Avoid driving during rush hour. Even professional, younger drivers can find all the increased traffic activity and flow, during rush, a real challenge. So, as an elderly driver, it is not surprising that you do too. If you are feeling that your reaction time is getting slower and your ability to anticipate sudden changes in the stop and go of the rush hour traffic, then simply avoid it! Plan your trips so that you don’t have to put up with the aggravation. There is no shame; this is a practical strategy. Also, avoid risky left turns by making a series of right turns instead. Often, you may find yourself at a busy intersection trying to make a left. If you are in a designated left turning lane waiting for a flashing green arrow, it might not be so bad. However, if you are in designated left turning lane, after the advance light has stopped flashing, what happens then? The on coming traffic is zooming past you, fast and furiously and the cars opposite you, in their left turning lane, are crowding their lane so as to block your visibility. You are anticipating that the light will soon turn red and you are stuck out in the middle of the intersection. You have make your turn but the on-coming cars are whizzing by you and you don’t dare make the turn. Well then, maybe it is time to rethink your route and factor in some extra right turns. Go past that busy intersection and make a right at the next viable cross street and a couple of more rights until you are positioned on the street on which you had planned to make a left, in the first place. Is this surrender? Is this weakness? NO! I’ll tell you what is weakness; weakness is to succumb to pride and bull-headedness to the extent that you cause an accident and cause harm to others and to yourself. As an elderly driver, avoiding a left turn that you can not handle or avoiding the rush hour with all its attendant challenges, is a sign of wisdom. One other precaution that you can take to insure your safety is to remember to “buckle up.” I can remember when cars did not have seat belts. I also remember that after car manufacturers had seat belts as a standard feature, they were not legally required. I also, remember comments from the naysayers that knew of cases where people were involved in accidents that could not get out of the car because their seat belts jammed. They speculated that a car on fire was a death trap to anyone cinched up in a jammed seat belt.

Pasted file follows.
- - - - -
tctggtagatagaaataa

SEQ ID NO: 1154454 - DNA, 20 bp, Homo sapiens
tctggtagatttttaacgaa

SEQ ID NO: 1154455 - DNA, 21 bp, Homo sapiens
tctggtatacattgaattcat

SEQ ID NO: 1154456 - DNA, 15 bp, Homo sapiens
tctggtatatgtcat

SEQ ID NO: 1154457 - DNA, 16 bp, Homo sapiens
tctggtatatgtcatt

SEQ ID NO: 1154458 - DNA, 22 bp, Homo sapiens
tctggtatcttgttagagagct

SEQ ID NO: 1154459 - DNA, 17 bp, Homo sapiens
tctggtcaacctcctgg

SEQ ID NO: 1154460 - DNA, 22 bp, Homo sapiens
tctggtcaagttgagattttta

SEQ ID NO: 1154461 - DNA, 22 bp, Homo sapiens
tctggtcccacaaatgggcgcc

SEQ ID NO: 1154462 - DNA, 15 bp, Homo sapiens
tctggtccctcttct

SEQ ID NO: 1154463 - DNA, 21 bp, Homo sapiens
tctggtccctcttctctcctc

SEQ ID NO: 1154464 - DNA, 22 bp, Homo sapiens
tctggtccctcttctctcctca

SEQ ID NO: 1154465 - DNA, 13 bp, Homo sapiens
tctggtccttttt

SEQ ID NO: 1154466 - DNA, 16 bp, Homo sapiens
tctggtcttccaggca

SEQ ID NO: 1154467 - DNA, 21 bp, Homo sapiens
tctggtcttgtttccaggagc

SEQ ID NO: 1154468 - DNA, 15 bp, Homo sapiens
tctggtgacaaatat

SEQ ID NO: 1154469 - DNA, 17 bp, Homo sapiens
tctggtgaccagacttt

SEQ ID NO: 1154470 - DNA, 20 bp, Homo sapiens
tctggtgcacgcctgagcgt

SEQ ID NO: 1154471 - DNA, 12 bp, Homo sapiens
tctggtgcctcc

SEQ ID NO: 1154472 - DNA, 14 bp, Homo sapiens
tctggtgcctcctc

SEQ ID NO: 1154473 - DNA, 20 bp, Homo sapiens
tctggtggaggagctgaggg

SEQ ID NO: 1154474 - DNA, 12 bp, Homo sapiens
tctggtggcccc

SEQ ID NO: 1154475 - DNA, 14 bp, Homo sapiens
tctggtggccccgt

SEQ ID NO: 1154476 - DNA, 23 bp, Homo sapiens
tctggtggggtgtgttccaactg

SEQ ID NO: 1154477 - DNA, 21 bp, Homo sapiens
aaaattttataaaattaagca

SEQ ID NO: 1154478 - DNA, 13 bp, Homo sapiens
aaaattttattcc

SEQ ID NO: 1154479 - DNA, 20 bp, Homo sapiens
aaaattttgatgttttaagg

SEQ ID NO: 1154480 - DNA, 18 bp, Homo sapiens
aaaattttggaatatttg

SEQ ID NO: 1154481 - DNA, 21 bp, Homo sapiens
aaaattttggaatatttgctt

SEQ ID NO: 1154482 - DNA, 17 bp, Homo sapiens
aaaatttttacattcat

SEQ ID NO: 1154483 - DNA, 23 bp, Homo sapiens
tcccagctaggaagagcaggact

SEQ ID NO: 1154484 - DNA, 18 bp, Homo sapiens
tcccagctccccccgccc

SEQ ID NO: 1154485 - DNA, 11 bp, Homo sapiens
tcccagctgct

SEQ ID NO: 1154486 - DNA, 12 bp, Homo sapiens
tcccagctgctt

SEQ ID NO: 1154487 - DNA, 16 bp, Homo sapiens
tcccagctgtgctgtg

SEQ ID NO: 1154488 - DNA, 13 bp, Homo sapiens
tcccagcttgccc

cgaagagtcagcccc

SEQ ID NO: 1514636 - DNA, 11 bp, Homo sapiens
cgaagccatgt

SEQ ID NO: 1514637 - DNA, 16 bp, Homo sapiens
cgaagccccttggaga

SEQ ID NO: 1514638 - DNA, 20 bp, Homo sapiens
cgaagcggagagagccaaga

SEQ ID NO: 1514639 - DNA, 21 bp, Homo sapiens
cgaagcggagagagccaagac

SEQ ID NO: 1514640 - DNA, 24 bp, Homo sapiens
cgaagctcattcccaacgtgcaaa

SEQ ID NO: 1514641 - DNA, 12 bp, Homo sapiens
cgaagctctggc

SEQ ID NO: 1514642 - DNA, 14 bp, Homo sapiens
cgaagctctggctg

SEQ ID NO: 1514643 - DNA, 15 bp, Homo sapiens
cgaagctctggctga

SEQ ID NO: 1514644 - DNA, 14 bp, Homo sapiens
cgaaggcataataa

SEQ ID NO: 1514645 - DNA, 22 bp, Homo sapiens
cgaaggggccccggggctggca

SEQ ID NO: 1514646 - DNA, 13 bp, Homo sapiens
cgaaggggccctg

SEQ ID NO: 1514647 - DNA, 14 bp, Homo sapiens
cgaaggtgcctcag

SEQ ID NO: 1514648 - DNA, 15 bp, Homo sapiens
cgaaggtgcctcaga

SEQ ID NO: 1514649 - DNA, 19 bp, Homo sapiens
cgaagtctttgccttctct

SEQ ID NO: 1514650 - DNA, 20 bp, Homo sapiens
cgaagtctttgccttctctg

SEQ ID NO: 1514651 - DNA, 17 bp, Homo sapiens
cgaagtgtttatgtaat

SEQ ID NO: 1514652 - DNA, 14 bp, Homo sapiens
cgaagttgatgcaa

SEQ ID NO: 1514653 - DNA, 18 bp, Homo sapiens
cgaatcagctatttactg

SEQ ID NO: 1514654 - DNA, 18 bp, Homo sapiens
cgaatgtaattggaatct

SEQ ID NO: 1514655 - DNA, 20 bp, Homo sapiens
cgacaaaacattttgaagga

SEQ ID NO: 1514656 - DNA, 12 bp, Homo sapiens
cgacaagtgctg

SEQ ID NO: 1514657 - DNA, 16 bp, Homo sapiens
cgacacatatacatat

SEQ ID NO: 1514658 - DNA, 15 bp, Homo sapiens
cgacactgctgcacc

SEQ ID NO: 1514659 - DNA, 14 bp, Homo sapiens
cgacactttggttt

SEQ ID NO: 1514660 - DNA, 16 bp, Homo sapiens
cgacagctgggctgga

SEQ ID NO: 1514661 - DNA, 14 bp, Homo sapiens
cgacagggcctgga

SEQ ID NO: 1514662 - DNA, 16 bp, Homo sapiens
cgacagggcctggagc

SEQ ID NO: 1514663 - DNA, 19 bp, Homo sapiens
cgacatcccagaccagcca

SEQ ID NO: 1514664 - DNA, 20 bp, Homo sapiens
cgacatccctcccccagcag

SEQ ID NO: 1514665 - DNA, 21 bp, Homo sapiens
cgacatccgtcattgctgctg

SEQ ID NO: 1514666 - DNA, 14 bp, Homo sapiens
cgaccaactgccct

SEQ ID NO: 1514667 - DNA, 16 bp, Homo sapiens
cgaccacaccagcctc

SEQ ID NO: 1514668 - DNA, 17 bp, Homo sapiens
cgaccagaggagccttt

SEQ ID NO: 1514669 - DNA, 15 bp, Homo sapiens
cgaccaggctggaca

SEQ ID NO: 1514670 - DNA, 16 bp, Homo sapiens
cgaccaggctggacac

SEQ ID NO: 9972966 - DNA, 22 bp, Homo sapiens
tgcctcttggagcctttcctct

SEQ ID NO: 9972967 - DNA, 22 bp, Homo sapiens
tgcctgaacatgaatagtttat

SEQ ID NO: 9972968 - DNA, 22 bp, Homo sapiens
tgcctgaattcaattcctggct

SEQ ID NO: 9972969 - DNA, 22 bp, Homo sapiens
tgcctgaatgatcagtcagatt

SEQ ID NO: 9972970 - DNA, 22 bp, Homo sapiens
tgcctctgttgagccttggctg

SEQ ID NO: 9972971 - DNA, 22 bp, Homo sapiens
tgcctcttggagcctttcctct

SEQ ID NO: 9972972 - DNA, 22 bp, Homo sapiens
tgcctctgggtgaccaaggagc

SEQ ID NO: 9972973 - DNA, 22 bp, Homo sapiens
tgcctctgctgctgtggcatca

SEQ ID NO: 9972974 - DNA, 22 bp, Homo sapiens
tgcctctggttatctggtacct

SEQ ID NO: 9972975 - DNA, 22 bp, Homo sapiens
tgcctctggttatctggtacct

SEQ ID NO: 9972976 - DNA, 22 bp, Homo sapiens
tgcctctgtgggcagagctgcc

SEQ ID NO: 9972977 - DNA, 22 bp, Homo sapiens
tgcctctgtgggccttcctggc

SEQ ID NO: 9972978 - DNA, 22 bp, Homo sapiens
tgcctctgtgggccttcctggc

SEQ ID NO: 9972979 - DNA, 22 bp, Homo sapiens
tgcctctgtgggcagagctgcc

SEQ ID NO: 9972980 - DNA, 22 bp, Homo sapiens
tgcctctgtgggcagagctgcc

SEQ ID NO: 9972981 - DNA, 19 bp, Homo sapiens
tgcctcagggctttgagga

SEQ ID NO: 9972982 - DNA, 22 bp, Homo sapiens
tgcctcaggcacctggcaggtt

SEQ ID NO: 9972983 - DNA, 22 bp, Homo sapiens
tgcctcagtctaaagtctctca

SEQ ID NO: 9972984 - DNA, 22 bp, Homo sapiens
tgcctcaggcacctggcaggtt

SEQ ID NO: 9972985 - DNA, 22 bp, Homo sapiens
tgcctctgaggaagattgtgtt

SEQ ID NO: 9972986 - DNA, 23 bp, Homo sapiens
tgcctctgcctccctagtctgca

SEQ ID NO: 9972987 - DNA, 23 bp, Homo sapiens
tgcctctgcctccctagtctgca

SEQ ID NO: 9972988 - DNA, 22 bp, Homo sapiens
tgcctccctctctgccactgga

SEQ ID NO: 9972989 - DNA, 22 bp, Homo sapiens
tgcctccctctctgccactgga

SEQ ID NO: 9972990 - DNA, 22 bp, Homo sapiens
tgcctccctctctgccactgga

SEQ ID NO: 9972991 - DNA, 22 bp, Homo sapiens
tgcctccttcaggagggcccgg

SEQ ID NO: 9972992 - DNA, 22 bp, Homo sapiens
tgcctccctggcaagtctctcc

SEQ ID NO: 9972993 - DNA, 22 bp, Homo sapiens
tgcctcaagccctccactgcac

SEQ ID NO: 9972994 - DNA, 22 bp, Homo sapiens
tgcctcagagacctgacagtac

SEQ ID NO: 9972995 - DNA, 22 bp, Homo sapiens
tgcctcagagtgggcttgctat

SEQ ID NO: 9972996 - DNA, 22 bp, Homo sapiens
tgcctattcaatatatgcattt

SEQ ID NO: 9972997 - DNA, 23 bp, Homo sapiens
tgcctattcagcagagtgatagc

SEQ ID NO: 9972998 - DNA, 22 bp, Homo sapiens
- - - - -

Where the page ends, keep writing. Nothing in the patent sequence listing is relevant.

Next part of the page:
Eventually, however, the facts overcame the wild speculations as stats came in from jurisdiction after jurisdiction showing the highway fatality and injury rates were dropping dramatically with the use of seat belts. I’m pretty sure that most of you elderly drivers can remember the same. So, always wear a safety belt, even when you’re just making a quick run to the store. The Entitled Elderly Driver Finally, I know that after driving for such a long time, in my case 42 years, one feels a sense of entitlement. After all, most of you have made it this far without a major accident or mishap. Most of you have not gotten a ticket for a moving violation or lost points on your license. You are good drivers! But, how does that saying go (the one that you might use when addressing a younger person, for instance)? “I have forgotten more than you will ever know.” Well, we all should take note of the phrase, “I have forgotten more…” Yes, the elderly driver has learned much over the many years of motoring, but the elderly driver, also, has forgotten much. So, take a driver’s safety course to refresh and to refine your skills. Incidentally, if you do take such a course, like those offered by AARP and AAA, you may possibly lower your insurance rates. Call your car insurance agent and find out. But, even if your insurer doesn’t lower your rates, you may end up lowering your driving anxiety, reducing risk factors, and making for a safer and more secure driving experience in your senior years. Technorati: 6TFGHCS9DH3M